Situational and clinical depression are different. Situational depression often occurs after life-altering events, but clinical depression has a range of causes and is a longer-term condition.
Situational and clinical depression are similar, but they are not the same. Recognizing the differences between these types of depression is the first step toward getting help.
Medically, situational depression is an “adjustment disorder with a depressed mood.” It often resolves with time, and talking about the problem can ease recovery.
Clinical depression, known medically as a “major depressive disorder,” can develop if the individual does not recover. This is a more severe mental health condition.
Situational depression is a short-term form of depression
An adjustment disorder with a depressed mood is another name for this emotional state.
Triggers can include:
- a divorce
- loss of a job
- the death of a loved one
- financial hardship
- caring for an ill relative
- other major life changes, such as retirement
Situational depression stems from a difficulty in coming to terms with dramatic life changes. Recovery is possible once an individual can come to terms with a new situation. This may require support and treatment.
For instance, following the death of a parent, it may take a while before a person can accept that their parent is no longer alive. Until a person reaches acceptance, they may feel unable to move on with their life. Some people may need to attend a grief support group or speak with a therapist.
Clinical depression is also known as major depression or a major depressive disorder. It is a more chronic condition that is severe enough to interfere with daily function.
The Diagnostic and Statistic Manual of Mental Disorders, 5th edition (DSM-5)
While a specific cause for clinical depression is unknown, disturbances in the levels of certain chemicals — known as neurotransmitters — may be to blame.
However, other factors are likely to play a role,
- genetic factors, which may influence an individual’s response to an experience or event
- major life events, which can trigger negative emotions, such as anger, disappointment, or frustration
- alcohol and drug dependence also have links to depression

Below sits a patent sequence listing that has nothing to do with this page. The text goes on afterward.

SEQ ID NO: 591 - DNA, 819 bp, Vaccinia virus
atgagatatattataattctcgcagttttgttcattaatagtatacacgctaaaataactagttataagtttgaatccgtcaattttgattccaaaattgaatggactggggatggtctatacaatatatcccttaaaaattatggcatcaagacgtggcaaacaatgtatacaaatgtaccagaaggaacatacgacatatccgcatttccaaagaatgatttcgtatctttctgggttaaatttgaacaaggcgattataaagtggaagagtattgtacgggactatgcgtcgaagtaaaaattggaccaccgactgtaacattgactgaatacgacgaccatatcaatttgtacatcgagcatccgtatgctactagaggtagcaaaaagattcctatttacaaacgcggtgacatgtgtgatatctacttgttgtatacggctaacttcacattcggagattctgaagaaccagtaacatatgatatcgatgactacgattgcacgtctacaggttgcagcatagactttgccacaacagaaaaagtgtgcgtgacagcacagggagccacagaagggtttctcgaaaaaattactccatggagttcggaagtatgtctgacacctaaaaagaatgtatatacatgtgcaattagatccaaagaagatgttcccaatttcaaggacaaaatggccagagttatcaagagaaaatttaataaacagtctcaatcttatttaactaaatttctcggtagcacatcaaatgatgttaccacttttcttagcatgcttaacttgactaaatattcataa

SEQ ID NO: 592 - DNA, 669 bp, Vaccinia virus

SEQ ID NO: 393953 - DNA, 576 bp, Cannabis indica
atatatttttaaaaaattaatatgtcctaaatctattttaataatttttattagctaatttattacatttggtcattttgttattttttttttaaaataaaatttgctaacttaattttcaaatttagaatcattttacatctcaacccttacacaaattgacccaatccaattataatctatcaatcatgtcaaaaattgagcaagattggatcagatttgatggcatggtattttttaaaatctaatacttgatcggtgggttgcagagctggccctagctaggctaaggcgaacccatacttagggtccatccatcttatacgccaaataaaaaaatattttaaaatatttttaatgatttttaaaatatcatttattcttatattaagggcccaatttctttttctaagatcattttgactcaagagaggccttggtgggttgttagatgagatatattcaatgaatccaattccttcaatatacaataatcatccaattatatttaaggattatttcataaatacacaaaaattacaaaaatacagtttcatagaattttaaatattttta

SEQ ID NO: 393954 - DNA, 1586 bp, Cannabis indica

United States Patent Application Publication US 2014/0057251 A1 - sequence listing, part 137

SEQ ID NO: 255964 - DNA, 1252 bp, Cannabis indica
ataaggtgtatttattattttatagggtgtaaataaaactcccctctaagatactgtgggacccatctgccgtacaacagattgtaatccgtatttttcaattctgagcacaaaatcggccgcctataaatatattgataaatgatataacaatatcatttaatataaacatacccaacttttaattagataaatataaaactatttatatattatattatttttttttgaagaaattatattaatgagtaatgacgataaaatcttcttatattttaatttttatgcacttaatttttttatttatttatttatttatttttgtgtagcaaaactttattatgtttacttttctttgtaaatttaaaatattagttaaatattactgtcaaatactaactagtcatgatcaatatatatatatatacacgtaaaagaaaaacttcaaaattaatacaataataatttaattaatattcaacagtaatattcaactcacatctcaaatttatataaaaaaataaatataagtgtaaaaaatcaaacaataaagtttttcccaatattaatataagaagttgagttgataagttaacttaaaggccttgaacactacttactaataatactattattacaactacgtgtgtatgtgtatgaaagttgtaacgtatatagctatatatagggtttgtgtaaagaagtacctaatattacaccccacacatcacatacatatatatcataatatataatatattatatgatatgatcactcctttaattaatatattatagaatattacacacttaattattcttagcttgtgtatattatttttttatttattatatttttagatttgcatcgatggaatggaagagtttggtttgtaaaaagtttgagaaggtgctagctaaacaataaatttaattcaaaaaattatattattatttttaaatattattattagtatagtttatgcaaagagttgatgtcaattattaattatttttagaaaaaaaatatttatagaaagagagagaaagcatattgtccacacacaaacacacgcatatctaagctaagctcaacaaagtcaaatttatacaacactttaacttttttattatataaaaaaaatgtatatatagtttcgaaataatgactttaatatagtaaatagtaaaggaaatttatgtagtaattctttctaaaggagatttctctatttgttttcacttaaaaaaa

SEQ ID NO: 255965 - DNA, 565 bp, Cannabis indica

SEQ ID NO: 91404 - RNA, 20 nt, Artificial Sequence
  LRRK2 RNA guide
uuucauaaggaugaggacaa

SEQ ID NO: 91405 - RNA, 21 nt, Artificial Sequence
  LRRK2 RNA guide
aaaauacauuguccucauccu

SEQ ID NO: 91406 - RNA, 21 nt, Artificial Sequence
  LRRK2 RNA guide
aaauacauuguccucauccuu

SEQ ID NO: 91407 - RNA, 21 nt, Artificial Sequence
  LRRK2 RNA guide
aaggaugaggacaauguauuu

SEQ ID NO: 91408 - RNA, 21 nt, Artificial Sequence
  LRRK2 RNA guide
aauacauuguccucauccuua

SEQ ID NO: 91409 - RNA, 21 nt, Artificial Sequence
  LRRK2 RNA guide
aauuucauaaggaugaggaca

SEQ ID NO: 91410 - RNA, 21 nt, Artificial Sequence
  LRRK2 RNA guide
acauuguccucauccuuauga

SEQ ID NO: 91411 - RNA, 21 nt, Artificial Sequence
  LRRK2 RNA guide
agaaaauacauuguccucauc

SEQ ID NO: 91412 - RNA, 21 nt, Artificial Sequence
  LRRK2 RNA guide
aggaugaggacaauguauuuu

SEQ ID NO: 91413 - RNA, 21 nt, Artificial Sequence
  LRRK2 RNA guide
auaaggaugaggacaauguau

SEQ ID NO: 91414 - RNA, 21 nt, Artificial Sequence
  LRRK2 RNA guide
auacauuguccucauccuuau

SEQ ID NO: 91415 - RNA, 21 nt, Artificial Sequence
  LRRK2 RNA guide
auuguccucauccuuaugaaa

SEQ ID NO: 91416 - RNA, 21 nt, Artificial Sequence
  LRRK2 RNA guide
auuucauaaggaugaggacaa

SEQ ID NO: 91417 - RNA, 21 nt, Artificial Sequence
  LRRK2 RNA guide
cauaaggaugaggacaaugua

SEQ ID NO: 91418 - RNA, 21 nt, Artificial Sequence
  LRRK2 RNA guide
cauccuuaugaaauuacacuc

Depression can also alter a person’s thought processes and bodily functions.
Some key differences between situational and clinical depression will determine the type of treatment a person needs and the severity of their condition.
No type of depression is more “real” than another. Both can present significant challenges and threats to their well-being.
However, knowing which type of depression is at the root of their persistent, negative mood can support their recovery.
Differences in symptoms
Symptoms of situational depression can
- feelings of hopelessness and sadness
- sleeping difficulties
- frequent episodes of crying
- unfocused anxiety and worry
- a loss of concentration
- withdrawal from normal activities, as well as from family and friends
- suicidal thoughts
On the other hand, clinical depression is usually more severe than situational depression.
It can cause physical and psychological symptoms,
- a depressed mood
- a loss of interest in hobbies or activities
- changes in sleep habits, including sleeping too much or not enough
- feelings of guilt or worthlessness
- difficulty concentrating or making decisions
- fatigue or low energy levels
- restlessness or slowed movements
- changes in appetite or body weight
- thoughts about suicide or death, or a suicide attempt
Some people with clinical depression can also experience delusions, hallucinations, and other psychotic disturbances. These do not generally occur in people with situational depression.
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In most cases, situational depression is only short-term. Mild cases of situational depression often resolve without active treatment. However, some strategies can help a person reduce the effects of situational depression.
A few helpful lifestyle changes include:
- getting regular exercise
- eating a well-balanced diet
- keeping regular sleeping habits
- talking with loved ones
- joining a support group
- taking up a hobby or leisure activity